Microsoft is developing an AI accelerator for HoloLens

Technology companies seek to transfer the functions of artificial intelligence in smartphones and other wearable devices. For example, it is convenient to carry in your pocket the ability to show mechanics how to repair an engine or to tell tourists in their native language what they see and hear. But there is a problem: you can not manage a huge amount of data that make the implementation of these tasks possible, without slowing down the operation of the device and not discharging the battery in minutes.

For many years, central processors from Intel, ARM, and others have provided enough power for devices and servers around the world. But the rapid development of artificial intelligence over the past five years has led some traditional chip makers to face real competition. The increasing capabilities of AI are largely related to neural networks that analyze patterns and participate in them. Universal processors used on PCs and servers do not handle multiple threads at the same time.

On July 23, at the CVPR2017 conference in Honolulu, Hawaii, Microsoft announced the second version of the HoloLens Holographic Processing Unit (HPU) chip. HPU 2.0 is an additional AI processor that analyzes everything that the user sees and hears right on the device, and does not spend precious microseconds to send data back to the cloud. HPU 2.0 is currently under development and will be included in the next version of HoloLens. This is one of the few cases where Microsoft is involved at all stages of development (except for production) of the processor. Representatives of the company say that this is the first chip designed specifically for a mobile device.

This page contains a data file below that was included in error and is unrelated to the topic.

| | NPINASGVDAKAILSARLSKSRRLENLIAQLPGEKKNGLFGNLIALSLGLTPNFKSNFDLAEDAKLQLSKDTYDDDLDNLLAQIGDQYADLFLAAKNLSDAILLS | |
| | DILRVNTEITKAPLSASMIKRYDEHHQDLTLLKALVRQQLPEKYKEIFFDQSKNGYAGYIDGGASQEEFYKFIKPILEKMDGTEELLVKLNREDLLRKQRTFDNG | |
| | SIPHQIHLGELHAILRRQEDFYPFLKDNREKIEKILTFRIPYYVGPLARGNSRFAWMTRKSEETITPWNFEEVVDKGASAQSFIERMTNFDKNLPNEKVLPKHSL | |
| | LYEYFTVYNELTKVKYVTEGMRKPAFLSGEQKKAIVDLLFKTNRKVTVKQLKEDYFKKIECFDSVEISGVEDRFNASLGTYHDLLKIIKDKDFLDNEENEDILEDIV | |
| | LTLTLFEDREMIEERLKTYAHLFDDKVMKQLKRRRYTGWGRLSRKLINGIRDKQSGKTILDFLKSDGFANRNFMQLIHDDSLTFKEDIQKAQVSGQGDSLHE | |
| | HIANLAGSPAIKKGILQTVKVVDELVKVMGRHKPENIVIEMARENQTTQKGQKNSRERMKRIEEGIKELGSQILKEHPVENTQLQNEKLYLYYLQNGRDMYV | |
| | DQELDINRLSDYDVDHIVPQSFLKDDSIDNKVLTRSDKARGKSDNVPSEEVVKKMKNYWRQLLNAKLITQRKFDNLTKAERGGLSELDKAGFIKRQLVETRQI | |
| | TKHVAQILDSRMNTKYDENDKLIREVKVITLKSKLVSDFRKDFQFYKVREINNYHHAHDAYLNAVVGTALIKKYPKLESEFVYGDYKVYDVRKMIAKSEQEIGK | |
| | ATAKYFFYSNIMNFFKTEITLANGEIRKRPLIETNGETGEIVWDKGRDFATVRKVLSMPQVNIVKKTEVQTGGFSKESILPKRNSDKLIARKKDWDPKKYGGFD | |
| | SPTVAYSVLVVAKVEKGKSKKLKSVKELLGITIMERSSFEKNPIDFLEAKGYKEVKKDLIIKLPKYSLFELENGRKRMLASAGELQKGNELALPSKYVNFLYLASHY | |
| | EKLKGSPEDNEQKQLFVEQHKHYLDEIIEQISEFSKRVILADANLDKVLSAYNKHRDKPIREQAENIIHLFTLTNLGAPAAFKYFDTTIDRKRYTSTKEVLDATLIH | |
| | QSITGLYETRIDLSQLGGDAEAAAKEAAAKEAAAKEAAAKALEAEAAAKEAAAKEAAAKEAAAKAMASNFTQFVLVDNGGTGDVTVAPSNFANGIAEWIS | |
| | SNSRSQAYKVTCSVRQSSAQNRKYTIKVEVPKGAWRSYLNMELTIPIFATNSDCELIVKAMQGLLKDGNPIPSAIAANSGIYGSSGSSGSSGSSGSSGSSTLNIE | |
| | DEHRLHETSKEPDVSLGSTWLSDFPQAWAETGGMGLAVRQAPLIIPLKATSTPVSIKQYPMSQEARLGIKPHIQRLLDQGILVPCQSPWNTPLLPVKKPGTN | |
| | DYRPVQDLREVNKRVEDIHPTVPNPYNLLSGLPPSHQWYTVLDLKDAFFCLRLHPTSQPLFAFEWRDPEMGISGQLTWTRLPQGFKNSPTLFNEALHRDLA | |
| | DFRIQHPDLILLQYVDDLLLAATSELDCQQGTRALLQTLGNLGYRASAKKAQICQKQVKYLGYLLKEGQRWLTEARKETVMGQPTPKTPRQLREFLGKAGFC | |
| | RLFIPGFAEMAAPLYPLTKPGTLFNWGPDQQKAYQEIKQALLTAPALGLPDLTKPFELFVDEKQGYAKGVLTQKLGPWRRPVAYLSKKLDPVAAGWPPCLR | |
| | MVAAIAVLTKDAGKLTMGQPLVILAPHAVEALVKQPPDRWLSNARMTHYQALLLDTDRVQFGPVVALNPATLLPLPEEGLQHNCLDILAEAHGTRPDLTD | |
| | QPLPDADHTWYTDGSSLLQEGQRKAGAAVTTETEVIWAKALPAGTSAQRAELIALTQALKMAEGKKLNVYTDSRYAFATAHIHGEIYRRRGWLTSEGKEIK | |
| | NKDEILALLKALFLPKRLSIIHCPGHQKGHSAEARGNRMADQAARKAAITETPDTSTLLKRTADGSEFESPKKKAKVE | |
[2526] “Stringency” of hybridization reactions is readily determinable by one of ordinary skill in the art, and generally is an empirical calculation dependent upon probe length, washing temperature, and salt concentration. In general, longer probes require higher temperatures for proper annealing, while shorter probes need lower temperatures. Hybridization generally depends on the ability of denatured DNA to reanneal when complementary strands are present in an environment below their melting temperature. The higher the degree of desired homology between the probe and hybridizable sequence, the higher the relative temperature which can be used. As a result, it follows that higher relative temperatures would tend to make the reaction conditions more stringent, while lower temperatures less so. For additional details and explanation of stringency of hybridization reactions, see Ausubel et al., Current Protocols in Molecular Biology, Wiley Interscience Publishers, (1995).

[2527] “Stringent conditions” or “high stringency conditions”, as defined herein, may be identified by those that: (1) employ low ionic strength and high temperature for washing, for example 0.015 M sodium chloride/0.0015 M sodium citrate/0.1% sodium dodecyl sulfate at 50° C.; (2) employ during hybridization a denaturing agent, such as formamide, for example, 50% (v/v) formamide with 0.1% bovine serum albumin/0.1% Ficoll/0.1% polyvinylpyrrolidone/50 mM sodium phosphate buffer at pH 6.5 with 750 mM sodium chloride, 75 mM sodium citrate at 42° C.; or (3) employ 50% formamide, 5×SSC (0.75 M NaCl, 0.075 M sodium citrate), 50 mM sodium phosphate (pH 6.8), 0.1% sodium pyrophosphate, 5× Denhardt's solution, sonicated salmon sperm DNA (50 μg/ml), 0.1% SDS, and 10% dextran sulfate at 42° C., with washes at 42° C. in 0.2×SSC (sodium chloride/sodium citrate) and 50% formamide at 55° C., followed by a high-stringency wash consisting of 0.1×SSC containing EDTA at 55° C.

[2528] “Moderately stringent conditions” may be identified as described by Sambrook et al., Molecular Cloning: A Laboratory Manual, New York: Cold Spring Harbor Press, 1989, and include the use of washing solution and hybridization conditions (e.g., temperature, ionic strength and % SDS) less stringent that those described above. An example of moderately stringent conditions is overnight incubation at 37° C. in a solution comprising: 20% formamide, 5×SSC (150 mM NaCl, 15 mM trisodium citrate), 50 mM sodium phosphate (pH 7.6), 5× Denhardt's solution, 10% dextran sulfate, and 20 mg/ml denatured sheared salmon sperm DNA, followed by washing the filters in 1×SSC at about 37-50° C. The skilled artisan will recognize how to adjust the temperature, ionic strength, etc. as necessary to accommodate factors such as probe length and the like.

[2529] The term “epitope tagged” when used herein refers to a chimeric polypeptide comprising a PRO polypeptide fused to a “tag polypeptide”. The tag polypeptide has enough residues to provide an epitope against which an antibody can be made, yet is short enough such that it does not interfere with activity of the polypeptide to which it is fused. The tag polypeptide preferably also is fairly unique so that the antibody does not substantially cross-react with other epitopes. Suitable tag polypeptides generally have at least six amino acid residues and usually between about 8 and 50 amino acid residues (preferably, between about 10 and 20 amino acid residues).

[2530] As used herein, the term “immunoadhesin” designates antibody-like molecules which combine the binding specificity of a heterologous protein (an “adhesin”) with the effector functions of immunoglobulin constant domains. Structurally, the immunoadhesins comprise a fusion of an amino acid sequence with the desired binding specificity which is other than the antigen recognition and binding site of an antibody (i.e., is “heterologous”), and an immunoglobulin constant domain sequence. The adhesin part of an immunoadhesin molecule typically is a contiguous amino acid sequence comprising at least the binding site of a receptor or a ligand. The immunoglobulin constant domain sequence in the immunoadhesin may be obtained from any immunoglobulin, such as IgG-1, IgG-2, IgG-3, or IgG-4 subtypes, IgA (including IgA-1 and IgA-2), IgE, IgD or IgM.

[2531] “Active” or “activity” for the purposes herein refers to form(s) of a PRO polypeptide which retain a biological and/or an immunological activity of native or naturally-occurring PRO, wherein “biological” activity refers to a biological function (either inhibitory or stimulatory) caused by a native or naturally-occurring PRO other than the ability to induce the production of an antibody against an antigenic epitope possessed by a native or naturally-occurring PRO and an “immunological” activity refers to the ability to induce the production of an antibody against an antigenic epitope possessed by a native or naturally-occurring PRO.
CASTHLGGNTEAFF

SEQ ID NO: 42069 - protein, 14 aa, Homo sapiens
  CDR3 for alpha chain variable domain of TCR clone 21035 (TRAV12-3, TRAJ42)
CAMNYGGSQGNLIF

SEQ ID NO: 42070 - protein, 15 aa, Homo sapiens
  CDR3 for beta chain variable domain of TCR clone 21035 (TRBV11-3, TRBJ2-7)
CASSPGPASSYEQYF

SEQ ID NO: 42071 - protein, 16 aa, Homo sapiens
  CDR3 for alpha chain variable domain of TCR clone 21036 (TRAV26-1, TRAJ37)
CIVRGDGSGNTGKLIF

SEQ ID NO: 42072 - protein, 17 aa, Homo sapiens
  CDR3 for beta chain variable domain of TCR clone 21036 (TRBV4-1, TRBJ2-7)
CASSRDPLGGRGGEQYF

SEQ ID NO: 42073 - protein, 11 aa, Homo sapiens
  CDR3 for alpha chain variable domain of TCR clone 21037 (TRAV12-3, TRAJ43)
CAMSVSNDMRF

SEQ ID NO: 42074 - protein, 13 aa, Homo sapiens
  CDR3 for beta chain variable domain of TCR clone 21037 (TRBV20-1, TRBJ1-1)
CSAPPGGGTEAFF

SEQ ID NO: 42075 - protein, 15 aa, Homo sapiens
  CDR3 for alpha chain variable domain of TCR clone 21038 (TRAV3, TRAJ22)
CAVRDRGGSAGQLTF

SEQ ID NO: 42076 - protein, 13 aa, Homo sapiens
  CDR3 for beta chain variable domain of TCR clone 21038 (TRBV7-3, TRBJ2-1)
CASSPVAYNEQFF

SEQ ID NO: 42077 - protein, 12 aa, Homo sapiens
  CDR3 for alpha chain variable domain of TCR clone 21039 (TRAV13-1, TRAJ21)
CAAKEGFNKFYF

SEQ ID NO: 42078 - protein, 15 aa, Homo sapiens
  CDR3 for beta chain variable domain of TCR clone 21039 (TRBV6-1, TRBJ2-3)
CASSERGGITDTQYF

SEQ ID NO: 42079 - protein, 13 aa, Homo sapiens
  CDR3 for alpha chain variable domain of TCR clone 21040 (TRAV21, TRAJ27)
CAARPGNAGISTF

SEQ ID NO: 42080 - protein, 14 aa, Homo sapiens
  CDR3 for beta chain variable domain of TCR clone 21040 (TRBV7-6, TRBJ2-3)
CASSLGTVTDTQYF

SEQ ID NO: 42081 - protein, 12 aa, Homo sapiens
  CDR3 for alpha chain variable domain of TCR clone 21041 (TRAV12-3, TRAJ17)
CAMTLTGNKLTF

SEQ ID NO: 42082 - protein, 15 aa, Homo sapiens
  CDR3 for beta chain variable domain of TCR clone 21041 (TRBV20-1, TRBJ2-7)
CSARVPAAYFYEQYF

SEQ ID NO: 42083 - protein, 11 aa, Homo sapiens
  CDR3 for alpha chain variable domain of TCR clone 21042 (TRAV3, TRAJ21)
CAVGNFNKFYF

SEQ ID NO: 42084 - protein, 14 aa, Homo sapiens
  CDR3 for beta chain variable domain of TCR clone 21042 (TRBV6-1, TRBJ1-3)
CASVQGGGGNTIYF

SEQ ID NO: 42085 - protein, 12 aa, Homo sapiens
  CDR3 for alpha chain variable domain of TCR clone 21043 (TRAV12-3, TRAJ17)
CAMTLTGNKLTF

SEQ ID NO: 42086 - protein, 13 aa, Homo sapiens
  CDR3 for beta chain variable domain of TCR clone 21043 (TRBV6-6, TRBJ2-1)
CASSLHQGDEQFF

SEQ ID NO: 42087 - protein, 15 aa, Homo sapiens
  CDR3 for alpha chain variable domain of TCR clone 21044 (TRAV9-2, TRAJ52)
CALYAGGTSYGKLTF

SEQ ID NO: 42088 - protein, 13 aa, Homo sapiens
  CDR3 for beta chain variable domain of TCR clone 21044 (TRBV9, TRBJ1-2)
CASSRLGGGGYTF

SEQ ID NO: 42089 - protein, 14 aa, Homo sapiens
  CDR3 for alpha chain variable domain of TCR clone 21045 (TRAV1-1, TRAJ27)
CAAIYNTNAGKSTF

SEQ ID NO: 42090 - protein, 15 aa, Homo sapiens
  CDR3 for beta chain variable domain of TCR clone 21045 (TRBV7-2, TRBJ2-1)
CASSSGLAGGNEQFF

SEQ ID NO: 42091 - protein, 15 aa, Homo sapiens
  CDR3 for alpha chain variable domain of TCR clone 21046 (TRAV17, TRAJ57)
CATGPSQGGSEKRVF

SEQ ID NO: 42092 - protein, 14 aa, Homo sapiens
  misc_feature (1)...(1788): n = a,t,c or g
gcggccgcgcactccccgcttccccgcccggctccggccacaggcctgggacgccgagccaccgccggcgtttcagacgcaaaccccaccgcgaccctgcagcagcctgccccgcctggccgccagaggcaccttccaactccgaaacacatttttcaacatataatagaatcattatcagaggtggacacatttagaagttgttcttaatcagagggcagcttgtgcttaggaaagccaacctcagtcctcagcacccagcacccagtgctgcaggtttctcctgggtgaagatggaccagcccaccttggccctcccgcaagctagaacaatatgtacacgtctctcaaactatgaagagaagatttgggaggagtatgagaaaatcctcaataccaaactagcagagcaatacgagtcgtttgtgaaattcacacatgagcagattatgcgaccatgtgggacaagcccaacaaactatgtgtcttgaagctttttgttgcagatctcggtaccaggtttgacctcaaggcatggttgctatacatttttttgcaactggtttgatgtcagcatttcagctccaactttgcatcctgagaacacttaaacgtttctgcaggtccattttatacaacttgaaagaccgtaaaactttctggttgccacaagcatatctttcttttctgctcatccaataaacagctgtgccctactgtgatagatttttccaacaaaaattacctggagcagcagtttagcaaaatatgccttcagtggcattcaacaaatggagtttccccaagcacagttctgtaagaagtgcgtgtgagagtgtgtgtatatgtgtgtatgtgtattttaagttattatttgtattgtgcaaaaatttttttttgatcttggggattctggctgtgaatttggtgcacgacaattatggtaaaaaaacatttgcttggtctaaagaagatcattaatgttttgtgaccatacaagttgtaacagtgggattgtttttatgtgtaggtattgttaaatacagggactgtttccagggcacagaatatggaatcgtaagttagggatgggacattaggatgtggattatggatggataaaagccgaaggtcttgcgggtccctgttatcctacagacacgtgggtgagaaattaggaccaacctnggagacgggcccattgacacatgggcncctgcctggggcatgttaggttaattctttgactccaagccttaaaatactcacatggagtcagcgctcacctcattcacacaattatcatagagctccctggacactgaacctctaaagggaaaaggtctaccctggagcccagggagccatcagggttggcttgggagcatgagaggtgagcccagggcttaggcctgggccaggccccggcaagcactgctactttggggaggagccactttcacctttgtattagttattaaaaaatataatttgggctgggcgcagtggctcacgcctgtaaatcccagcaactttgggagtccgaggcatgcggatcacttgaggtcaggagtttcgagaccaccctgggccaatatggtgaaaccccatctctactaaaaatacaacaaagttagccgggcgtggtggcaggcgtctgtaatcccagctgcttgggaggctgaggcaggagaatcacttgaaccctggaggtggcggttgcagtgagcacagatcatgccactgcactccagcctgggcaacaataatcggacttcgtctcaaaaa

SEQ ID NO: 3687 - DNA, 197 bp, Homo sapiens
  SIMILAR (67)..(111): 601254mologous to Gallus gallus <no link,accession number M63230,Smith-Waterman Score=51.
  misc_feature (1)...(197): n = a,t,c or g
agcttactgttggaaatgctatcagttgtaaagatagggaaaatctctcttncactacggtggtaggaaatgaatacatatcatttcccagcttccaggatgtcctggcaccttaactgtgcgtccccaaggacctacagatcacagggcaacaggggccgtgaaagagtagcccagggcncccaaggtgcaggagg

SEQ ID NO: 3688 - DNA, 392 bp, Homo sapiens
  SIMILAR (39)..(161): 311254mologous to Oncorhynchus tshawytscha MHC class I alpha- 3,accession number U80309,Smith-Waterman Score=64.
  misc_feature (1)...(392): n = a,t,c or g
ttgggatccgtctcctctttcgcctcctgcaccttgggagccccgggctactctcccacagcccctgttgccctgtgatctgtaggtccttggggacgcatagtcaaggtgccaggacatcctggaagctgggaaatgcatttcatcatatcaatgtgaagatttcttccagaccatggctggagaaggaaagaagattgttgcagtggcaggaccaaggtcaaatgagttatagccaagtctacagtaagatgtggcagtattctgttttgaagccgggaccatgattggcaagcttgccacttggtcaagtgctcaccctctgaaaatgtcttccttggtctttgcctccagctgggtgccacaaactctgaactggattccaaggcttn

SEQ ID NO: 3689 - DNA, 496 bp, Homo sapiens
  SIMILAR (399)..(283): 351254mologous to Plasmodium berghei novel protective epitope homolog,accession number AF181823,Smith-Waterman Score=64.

Microsoft has been working on its chips for several years. The company has created a motion tracking processor for the Xbox Kinect, and recently used custom chips — user-programmable gate arrays — to apply AI capabilities to real-world tasks. Microsoft buys chips from Altera, a subsidiary of Intel, and then adapts them for its purposes using software.

In 2016, Microsoft used thousands of these chips to translate the entire English-language “Wikipedia” into Spanish — three billion words in five million articles — in less than a tenth of a second. In 2018, the corporation plans to allow cloud computing users to use these chips to accelerate their own AI tasks: recognize images from large data sets or use machine learning algorithms to predict various economic and other models.

Promotional animation HPU 2.0

Microsoft has a lot of competitors in this business: Amazon uses user-programmable arrays and plans to use the new Nvidia chip for the Volta microarchitecture AI , and Google has created its own AI semiconductors - the Tensor Processing Unit . Creating chips within a company is expensive, but Microsoft says it has no choice, because technology is developing very quickly.


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